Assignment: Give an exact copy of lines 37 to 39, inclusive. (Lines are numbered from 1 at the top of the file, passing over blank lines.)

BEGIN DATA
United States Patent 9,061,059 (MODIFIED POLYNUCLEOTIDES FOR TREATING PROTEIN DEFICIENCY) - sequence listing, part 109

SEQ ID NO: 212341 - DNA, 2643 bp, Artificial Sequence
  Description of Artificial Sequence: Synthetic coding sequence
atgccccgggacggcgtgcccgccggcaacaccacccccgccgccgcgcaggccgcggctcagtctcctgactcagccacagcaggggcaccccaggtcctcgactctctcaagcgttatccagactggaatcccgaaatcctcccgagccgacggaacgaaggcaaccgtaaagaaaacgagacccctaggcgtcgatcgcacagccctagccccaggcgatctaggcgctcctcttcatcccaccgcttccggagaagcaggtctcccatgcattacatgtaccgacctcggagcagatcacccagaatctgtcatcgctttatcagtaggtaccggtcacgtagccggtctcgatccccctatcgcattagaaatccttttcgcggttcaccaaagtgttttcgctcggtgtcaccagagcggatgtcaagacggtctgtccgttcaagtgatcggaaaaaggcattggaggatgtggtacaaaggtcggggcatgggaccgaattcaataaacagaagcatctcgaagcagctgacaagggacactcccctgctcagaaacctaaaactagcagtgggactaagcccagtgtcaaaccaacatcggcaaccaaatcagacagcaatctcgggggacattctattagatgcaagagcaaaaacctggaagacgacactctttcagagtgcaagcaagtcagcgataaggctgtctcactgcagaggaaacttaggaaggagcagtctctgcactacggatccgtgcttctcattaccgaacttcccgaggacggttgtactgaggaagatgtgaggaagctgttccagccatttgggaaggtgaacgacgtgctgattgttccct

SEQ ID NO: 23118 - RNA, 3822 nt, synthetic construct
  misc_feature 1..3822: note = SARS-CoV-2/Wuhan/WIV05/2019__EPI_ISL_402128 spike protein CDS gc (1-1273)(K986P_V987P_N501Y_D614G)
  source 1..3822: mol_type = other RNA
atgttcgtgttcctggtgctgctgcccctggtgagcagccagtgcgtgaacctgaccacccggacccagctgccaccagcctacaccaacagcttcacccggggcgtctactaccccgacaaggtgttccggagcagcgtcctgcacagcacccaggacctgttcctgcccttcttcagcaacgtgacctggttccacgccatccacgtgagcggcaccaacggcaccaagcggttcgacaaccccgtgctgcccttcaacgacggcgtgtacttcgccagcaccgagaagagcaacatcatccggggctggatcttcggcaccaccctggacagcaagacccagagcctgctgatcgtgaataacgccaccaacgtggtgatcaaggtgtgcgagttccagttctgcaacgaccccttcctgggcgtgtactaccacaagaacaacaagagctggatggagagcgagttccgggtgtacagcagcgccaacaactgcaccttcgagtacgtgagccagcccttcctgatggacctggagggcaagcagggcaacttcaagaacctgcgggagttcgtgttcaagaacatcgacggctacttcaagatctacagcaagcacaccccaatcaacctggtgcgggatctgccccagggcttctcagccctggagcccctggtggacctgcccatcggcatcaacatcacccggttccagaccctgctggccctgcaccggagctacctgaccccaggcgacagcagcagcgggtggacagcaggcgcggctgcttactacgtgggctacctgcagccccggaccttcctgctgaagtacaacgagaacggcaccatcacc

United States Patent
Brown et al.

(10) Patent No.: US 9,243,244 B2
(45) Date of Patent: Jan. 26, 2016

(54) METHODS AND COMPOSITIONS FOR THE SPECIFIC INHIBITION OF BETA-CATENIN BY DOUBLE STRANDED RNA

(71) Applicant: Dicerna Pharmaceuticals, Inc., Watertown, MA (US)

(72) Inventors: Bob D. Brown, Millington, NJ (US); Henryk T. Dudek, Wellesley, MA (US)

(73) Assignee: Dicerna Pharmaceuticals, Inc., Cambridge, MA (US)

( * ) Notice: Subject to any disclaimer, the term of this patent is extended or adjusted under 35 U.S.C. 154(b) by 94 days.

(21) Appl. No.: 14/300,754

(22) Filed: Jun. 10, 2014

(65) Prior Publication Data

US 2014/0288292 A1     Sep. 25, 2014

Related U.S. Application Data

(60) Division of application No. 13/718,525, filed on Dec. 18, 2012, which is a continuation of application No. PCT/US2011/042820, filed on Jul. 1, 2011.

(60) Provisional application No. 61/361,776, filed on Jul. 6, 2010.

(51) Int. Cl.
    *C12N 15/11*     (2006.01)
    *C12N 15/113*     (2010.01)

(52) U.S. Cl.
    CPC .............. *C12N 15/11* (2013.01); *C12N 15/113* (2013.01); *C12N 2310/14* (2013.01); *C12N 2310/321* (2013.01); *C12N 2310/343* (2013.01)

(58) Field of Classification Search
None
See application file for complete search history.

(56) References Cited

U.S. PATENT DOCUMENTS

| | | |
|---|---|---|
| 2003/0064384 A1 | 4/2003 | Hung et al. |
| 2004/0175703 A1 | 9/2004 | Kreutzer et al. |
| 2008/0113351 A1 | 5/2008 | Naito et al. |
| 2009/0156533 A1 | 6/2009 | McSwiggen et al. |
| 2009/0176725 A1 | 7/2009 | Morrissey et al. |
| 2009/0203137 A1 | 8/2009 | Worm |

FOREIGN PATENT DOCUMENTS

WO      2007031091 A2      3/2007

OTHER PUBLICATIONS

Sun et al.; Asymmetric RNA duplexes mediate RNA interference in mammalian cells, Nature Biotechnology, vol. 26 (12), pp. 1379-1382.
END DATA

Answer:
| 2003/0064384 A1 | 4/2003 | Hung et al. |
| 2004/0175703 A1 | 9/2004 | Kreutzer et al. |
| 2008/0113351 A1 | 5/2008 | Naito et al. |